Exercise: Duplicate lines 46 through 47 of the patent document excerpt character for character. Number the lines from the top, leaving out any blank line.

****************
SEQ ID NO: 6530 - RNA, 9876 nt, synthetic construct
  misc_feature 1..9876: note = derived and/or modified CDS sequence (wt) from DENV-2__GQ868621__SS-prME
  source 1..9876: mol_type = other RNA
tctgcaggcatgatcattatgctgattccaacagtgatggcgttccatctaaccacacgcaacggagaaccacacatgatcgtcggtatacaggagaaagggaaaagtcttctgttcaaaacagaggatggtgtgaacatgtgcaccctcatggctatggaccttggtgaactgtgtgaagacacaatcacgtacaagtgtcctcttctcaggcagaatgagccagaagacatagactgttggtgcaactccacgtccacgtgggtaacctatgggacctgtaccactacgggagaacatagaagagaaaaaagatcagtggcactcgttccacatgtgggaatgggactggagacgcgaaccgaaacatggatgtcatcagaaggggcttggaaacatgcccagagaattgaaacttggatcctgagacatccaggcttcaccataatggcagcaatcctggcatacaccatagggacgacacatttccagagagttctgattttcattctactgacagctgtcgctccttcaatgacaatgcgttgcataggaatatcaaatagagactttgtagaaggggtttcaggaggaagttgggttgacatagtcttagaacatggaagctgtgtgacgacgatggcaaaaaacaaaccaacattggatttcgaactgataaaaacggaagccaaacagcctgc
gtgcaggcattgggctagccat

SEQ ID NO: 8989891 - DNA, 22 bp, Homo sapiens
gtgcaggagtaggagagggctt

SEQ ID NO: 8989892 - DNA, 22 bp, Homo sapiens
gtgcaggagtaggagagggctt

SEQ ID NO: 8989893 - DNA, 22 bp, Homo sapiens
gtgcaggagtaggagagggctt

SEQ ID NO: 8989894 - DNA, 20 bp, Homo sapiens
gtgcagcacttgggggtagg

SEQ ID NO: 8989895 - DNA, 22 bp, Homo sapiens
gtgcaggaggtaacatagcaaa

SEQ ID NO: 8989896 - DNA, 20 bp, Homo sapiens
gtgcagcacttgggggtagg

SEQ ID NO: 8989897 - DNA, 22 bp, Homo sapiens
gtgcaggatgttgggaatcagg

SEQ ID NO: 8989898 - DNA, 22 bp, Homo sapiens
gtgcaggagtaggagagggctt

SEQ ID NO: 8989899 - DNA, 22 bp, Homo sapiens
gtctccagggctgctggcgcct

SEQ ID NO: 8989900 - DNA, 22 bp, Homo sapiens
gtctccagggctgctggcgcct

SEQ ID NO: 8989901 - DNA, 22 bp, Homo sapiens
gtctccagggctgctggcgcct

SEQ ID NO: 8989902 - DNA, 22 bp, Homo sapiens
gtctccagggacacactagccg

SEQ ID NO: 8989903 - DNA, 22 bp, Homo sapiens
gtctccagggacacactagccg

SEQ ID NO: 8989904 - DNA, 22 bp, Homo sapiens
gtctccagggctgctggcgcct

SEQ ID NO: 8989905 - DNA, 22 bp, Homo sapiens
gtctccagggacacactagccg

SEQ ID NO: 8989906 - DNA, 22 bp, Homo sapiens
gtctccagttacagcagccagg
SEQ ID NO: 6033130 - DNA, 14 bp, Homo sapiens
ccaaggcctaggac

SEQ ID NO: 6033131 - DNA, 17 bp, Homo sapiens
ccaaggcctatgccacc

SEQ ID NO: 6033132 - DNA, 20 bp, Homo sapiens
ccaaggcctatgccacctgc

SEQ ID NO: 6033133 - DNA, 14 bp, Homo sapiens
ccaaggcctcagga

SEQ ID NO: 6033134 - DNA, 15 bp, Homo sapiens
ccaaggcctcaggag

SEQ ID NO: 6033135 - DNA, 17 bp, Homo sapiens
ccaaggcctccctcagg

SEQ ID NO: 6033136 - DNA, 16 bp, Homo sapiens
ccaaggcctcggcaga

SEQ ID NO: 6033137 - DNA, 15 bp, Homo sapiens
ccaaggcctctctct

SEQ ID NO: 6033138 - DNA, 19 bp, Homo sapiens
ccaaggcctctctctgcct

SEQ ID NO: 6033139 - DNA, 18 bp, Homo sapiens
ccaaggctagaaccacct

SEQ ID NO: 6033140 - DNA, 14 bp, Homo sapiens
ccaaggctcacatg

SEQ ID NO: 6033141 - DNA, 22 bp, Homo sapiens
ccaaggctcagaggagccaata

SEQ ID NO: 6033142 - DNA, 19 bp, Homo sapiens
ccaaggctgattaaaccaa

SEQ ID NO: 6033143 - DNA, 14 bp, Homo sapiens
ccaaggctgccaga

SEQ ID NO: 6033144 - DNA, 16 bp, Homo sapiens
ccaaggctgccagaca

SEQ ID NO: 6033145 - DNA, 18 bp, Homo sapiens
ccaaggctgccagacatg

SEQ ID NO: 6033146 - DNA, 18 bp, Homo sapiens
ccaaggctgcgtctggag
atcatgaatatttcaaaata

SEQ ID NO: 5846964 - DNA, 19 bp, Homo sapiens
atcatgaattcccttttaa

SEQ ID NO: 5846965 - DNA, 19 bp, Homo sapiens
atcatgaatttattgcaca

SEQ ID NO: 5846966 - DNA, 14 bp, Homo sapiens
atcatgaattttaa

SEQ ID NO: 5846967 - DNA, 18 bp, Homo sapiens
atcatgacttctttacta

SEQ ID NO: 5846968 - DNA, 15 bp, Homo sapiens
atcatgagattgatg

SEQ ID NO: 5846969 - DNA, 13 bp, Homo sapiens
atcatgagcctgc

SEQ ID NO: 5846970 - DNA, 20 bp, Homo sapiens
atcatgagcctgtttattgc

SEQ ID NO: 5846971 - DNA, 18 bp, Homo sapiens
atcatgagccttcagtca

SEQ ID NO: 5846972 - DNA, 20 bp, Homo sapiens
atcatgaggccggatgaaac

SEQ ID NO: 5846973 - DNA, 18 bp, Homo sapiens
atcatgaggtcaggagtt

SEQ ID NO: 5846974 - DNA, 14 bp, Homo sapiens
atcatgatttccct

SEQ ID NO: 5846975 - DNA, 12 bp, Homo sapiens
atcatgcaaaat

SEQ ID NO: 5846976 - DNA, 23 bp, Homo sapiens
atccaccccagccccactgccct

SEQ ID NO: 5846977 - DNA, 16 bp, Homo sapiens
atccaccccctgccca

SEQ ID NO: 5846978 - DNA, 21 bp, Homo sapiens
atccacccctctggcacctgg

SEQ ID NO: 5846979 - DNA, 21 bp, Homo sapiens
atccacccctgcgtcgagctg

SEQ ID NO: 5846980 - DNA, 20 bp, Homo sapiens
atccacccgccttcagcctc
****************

SEQ ID NO: 6033134 - DNA, 15 bp, Homo sapiens
ccaaggcctcaggag